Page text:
In the same speech, he optimistically held out a begging bowl, proposing that Māori, as 20 per cent of the nation’s population, should be able to control 20 per cent of the government’s total tax take.

That proposition was met with a tsunami of scorn on social media — amplified by allegations of illegal practices made over the weekend that a Te Pāti Māori MP and the South Auckland marae she once ran used private information collected during the Census for political campaigning as well as rewarding voters with food and vouchers. The idea that any government would hand over a fifth of its tax take to Māori never seemed so fantastical.

The previous day in Parliament, Winston Peters had accused Te Pāti Māori and its acolytes of wanting “racial division… not unity”.

“They don’t want democracy,” the Deputy Prime Minister said. “They want anarchy.”

Waititi, of course, talks freely about revolution outside Parliament as well as within it, and his wife, Kiri, added to the volatile mix last week with an expletive-laden rant on TikTok alleging the government was determined to “get rid” of Māori and boasting that a unified Māori movement would have the ability to “overthrow any government”.

They are, of course, playing to the gallery but they are also playing straight into the hands of Peters, Seymour and Luxon. You don’t have to be an experienced political analyst to know just how attractive an ordered democracy is to voters presented with the spectre of anarchy.

Unfortunately for Chris Hipkins and Labour, the party’s views about democracy and Māori nationalism have not been dissimilar to those of Te Pāti Māori. During Labour’s six-year rule between 2017 and 2023, senior ministers — including Willie Jackson and Grant Robertson — endorsed the radical idea that “democracy has changed”, while promoting co-governance with iwi across a range of policies from Three Waters and the Māori Health Authority to the RMA reforms and the Canterbury Regional Council (Ngāi Tahu Representation) Act.

Willie Jackson claimed “We’re in a consensus-type democracy now. This is not a majority democracy.” Jacinda Ardern herself would not defend a democracy of “one person, one vote of equal value” even when asked directly.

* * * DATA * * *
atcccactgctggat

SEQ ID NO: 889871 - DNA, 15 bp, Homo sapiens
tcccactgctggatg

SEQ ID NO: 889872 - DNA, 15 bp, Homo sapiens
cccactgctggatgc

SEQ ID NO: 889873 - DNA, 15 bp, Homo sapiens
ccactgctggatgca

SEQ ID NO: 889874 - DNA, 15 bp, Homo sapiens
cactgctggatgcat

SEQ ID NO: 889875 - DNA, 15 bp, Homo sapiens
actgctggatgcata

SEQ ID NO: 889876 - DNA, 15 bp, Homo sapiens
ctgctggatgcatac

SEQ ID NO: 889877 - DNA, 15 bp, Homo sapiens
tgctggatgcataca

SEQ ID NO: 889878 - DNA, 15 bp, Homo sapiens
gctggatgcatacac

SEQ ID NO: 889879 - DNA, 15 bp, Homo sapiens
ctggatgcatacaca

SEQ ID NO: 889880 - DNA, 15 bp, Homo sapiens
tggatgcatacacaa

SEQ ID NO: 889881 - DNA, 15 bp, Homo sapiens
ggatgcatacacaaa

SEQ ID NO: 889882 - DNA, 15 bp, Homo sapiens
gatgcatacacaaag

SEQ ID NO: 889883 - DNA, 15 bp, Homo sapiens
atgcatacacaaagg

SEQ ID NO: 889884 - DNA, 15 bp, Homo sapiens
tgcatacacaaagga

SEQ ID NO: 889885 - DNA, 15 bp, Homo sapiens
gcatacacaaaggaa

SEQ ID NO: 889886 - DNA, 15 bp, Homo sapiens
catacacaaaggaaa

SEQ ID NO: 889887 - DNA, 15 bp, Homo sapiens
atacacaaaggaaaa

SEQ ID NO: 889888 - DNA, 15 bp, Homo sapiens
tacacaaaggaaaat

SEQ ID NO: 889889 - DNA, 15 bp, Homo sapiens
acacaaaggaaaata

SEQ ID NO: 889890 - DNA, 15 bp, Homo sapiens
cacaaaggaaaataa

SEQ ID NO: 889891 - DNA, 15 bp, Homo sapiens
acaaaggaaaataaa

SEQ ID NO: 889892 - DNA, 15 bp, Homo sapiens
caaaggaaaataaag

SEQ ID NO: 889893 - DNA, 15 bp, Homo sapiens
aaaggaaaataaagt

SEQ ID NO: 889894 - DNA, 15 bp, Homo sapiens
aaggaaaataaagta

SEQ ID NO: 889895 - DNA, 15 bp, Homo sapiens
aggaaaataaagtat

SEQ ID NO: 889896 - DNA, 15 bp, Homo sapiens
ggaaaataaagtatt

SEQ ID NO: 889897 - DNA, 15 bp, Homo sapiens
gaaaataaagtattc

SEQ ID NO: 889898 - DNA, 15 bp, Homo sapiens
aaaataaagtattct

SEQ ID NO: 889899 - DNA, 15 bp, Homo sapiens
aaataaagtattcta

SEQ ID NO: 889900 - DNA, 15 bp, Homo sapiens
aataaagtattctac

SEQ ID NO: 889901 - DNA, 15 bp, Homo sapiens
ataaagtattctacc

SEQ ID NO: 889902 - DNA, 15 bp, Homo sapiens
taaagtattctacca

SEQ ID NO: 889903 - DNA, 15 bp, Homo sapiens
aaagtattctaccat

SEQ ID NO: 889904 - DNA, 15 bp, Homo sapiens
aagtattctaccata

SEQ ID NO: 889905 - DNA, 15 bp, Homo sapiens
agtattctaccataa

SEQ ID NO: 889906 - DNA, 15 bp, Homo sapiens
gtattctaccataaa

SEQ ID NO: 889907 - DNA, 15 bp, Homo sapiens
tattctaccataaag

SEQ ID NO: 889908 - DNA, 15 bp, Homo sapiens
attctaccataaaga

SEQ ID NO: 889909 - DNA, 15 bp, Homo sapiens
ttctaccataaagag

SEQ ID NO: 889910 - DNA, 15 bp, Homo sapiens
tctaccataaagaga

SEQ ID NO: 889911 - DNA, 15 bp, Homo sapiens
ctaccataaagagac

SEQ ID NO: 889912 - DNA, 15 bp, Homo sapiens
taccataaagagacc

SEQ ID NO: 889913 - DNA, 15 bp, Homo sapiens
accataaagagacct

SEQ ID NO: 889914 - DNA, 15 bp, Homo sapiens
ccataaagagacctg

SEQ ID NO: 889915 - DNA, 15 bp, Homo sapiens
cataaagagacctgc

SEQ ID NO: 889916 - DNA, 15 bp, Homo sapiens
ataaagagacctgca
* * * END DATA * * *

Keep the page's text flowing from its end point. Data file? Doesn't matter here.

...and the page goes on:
When the existence of He Puapua was revealed in March 2021 with its extensive recommendations to establish separate Māori institutions, Ardern quickly shut down criticism by saying the document was not official government policy.

In April, Seymour asked the then Prime Minister in the House if her government would rule out a “Treaty-based constitution” — and specifically whether it would “rule out establishing a Māori Parliament [by 2040], as called for by the report He Puapua?”

In response, Ardern used the classic non-committal line beloved of politicians: “Obviously, we have no intention of making such a constitutional change…”, before adding, “However, we do commit ourselves to making sure that we are upholding our obligations as Treaty partners…”

Sooner or later, Labour is going to have to either publicly repudiate Te Pāti Māori’s push to turbo-charge Māori separatism or endorse it. If the party doesn’t publicly distance itself from that agenda, it will be unelectable in 2026, and beyond.

Whichever way Chris Hipkins decides to handle the issue, however, it’s a safe bet he won’t be nearly as direct as Winston Peters, who described the calls to form a separate Māori Parliament as evidence Te Pāti Māori was “off its trolley”.

Māori leaders outside the party are already stepping away from Waititi’s revolutionary push. Asked at the national hui held at Hastings on Friday what he thought about the proposal for a Māori Parliament, Kiingi Tūheitia said: “Actually, it frightens me.”

The proposal, and any other similarly radical ideas Waititi espouses, will just as surely alarm most voters in the run-up to the next election. Chris Hipkins — or whoever is leading his party by then — is going to have a very tough job convincing a majority of New Zealanders that a coalition between Labour, the Greens and Te Pāti Māori will be an appealing and stable alliance that has the best interests of all New Zealanders at its heart.

Graham Adams is a freelance editor, journalist and columnist. He lives on Auckland’s North Shore.

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144 Kommentare